Love With A Capital L

A journey towards living an inspired life of love in the modern world

catfish — March 7, 2019

catfish

Today on MTV, Catfish in on. If you are unfamiliar, Catfish is a terrific show where people who think they’ve found true love online discover, with the help of host Nev Schulman, that the objects of their affections are not at all the people they believe them to be. It’s pretty great tv, where the drama is in the search to find the actual person, then the reveal and subsequent confrontation, and finally the tears and broken heart resolution. Who knows what all is real? (Only children still believe that reality tv is, in fact, reality. It’s more of a ‘based on a true story’ situation, probably.) But there is an undercurrent that is very real, that is too easily missed as we watch shows, detached and judgmental – the judgment either taking the form of sympathy for the fished or disgust for the fisher.

It’s interesting how quickly we can dismiss the Bible as outdated and irrelevant, stories about ‘they’ and ‘them’ and not ‘we’ or ‘us.’ It is much the same with programs like this. The lines that separate us are nowhere near as defined as each of us like to think, and the more we can dismantle these structures and erase those lines, then there is the chance for understanding and genuine connection.

It’s not surprising that we draw these lines of comparison and condescension, it’s all part of the foundation of Catfish. The people who are fishing, deceiving those on the other end of the screen, are creating images of themselves. They are actors on a stage pretending to be someone else, someone they are not, to gain acceptance and belonging. And I watch, pretending to not be just like them, pretending that we are very different. Now, I have never used your pictures or lied my face off to waste years of someone’s life, but I have a loooooong history of image-building. I have been what’s called a pleaser, trying desperately to fit what I think you want, to be cool, smart, funny, mean, trendy, or whatever.

I shake my head and say, ‘these people.’ But like so much, there is no ‘these people,’ there is only ‘me,’ only ‘us,’ and the weight of the show is in the mirror it uses to shows us how unsatisfied we are being who we are. I need better jeans, a better job, a better car, more money, clearer skin, bigger biceps and a smaller spare tire, to find fulfillment, peace, happiness, peace.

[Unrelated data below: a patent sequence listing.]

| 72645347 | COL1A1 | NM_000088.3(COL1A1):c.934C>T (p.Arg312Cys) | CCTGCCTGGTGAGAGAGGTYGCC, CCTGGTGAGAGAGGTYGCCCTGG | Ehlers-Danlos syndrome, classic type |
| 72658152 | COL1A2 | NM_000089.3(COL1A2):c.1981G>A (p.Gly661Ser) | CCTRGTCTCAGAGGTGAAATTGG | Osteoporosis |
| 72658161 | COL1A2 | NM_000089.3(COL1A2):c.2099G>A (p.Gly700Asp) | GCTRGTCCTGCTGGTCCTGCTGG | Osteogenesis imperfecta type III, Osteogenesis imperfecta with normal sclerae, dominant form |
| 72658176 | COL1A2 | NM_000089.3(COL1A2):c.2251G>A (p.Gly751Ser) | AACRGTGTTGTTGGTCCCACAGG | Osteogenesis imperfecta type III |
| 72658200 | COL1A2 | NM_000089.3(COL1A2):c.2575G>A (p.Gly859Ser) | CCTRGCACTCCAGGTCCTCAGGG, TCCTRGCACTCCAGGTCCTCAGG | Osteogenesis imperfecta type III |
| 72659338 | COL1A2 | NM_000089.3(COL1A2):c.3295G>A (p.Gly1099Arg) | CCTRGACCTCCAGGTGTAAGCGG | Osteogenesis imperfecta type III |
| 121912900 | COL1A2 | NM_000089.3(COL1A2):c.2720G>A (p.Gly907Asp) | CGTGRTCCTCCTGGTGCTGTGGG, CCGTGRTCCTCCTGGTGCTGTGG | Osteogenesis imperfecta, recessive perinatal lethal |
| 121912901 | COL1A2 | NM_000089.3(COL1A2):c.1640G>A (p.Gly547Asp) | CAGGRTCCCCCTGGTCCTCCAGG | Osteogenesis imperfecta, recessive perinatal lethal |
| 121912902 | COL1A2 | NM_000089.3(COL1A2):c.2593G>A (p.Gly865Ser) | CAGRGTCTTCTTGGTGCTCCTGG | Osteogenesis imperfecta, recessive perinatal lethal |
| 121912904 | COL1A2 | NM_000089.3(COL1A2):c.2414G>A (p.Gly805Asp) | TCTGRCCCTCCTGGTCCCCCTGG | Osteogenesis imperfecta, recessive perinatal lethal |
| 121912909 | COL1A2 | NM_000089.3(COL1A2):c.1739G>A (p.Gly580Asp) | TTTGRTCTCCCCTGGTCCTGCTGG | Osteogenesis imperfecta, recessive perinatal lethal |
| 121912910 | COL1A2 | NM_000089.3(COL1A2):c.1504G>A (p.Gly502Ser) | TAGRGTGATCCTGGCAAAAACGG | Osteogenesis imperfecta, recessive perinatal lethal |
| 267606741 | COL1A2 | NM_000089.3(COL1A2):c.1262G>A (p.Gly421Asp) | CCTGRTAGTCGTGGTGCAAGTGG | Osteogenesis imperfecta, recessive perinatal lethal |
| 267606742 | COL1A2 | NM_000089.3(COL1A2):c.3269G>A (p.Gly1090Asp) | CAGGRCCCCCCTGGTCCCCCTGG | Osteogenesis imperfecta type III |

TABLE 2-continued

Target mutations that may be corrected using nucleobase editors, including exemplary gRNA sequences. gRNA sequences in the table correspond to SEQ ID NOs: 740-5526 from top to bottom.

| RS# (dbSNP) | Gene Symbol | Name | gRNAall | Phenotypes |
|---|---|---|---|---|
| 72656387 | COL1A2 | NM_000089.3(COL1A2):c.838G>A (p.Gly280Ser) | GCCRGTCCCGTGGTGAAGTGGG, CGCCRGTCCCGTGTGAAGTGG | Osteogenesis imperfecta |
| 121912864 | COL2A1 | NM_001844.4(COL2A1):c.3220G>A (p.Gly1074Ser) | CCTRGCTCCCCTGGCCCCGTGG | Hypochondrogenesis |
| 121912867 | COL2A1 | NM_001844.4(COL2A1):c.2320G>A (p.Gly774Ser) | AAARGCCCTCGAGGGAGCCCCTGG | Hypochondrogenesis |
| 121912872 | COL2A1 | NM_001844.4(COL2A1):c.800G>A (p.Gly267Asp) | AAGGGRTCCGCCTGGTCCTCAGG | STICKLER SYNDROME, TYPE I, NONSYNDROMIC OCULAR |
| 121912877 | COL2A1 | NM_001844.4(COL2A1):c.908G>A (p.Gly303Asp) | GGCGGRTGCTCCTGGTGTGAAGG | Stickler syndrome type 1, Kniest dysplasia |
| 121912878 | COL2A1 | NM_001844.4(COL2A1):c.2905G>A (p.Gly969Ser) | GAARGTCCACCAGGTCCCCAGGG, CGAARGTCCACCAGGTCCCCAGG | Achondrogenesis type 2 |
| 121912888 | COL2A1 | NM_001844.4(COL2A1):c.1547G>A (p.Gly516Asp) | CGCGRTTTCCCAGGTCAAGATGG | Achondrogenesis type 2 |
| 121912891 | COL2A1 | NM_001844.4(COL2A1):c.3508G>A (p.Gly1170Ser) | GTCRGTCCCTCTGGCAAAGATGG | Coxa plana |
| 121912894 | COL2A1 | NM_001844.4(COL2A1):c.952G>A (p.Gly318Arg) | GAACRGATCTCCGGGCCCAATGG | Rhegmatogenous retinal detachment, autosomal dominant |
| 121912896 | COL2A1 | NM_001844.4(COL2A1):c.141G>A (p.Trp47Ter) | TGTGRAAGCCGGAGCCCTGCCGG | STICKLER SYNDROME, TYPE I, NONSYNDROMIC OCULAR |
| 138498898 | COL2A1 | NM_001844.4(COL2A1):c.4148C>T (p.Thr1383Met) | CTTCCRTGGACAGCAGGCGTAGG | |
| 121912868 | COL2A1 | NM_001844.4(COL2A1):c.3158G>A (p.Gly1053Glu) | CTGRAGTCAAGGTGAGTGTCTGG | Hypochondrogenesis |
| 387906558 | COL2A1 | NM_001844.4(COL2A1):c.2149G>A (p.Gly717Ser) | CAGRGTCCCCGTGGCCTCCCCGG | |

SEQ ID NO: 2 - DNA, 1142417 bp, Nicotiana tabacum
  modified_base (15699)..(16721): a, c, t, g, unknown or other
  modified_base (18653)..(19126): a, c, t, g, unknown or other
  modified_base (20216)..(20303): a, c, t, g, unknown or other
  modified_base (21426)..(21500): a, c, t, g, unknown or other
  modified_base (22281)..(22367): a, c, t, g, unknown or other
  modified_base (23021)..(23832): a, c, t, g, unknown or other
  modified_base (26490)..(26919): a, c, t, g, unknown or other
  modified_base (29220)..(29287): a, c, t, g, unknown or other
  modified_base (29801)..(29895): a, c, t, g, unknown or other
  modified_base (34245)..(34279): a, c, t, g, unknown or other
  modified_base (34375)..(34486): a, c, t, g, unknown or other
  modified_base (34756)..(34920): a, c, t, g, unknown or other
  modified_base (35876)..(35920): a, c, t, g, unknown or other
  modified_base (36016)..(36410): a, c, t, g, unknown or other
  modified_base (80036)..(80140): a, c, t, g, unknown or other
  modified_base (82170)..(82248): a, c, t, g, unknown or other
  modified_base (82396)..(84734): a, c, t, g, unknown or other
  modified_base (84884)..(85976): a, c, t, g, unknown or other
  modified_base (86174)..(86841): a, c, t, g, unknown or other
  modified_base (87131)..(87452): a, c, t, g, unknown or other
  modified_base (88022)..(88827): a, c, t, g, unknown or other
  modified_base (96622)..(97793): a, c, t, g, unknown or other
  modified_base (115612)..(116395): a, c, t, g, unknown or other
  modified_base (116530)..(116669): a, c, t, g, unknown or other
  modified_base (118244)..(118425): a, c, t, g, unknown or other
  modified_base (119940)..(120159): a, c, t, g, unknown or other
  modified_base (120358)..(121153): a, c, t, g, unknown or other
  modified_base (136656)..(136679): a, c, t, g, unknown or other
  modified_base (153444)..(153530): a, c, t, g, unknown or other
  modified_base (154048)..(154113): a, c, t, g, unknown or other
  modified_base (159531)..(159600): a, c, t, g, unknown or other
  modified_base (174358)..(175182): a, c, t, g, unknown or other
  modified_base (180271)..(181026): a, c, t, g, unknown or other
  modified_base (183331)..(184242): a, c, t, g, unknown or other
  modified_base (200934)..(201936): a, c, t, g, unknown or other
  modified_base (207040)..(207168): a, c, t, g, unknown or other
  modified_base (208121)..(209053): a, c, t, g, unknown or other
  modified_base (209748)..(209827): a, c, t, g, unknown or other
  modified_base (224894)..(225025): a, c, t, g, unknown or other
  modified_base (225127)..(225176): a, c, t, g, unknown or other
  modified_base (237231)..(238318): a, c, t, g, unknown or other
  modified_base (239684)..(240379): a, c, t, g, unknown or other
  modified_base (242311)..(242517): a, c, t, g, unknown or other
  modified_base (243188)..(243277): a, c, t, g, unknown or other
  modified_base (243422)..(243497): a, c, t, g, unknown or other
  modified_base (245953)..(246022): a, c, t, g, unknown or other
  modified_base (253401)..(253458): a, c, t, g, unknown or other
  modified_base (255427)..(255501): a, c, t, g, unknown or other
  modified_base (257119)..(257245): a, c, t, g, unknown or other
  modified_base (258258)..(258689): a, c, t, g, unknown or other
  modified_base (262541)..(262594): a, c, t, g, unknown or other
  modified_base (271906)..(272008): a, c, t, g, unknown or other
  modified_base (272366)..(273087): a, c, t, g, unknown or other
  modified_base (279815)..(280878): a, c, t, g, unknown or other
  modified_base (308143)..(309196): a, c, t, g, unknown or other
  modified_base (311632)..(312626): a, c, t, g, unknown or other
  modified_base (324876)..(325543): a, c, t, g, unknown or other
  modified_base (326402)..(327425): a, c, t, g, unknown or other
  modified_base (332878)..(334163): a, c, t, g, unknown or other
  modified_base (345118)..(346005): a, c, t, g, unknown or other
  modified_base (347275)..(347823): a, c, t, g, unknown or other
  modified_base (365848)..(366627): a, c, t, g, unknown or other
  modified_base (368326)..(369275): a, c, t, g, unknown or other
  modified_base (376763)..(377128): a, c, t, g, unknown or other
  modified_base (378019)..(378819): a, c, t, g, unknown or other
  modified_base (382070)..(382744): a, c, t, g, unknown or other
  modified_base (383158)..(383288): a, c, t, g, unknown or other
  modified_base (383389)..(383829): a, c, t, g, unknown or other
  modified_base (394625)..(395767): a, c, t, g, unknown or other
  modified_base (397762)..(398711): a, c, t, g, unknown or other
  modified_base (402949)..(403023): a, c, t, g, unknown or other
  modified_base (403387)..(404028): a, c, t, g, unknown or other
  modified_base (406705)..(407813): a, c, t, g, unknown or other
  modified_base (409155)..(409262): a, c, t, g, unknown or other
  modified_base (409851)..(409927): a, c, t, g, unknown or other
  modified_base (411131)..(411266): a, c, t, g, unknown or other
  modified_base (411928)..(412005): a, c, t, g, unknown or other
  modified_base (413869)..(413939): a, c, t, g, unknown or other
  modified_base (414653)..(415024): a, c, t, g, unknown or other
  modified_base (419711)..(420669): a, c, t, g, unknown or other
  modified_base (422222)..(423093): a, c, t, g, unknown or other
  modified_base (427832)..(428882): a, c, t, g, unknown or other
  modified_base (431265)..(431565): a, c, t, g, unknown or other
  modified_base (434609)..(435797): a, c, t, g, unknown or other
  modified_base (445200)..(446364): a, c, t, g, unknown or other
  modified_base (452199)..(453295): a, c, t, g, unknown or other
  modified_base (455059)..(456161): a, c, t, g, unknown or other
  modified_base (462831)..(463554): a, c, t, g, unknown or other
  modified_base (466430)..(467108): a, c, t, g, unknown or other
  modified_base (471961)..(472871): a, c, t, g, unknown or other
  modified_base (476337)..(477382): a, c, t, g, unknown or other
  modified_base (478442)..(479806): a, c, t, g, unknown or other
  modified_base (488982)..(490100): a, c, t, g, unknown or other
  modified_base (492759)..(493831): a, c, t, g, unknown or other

Who am I? is The Question that is always looming, just beyond fake plastic filtered smiles and sunshine instagram posts. Not everyone’s food (or workout or pants or marriage) looks that perfect all the time.

Ok, so I am a catfish in all kinds of ways. But I am the catfished in more (and the truth is, everybody is.) I do all of these things, contort myself into more desirable positions, for the same reason everyone has ever done, since the beginning of time – for that beautiful bond, for a hand to hold, for love. That’s why the unbearably naive victims on the show believe EVERYTHING, because they are willing to close their eyes and cross their fingers in the hope that this time it might be true, that they might not be alone. Of course, the paradox is that as long as we wear masks, we’ll never find the authentic relationship for which we are wearing the masks in the first place. But we have to wear the masks because we’re all so busy trapped in ‘us’/’them’ theology, and this catch 22 rolls over and flattens us all.

But yesterday is not today and today is not tomorrow. Just because we have always done it this way doesn’t mean we will continue. It is not just what it is. The revolution starts when we say it does.

 

 

Memento — January 20, 2019

Memento

There was a great (GREAT) movie in 2000 called Memento, in which the protagonist Leonard searches to find the man who raped and murdered his wife. Standard thriller plot, except he has no memory at all, leaving notes all over his body, all over everything.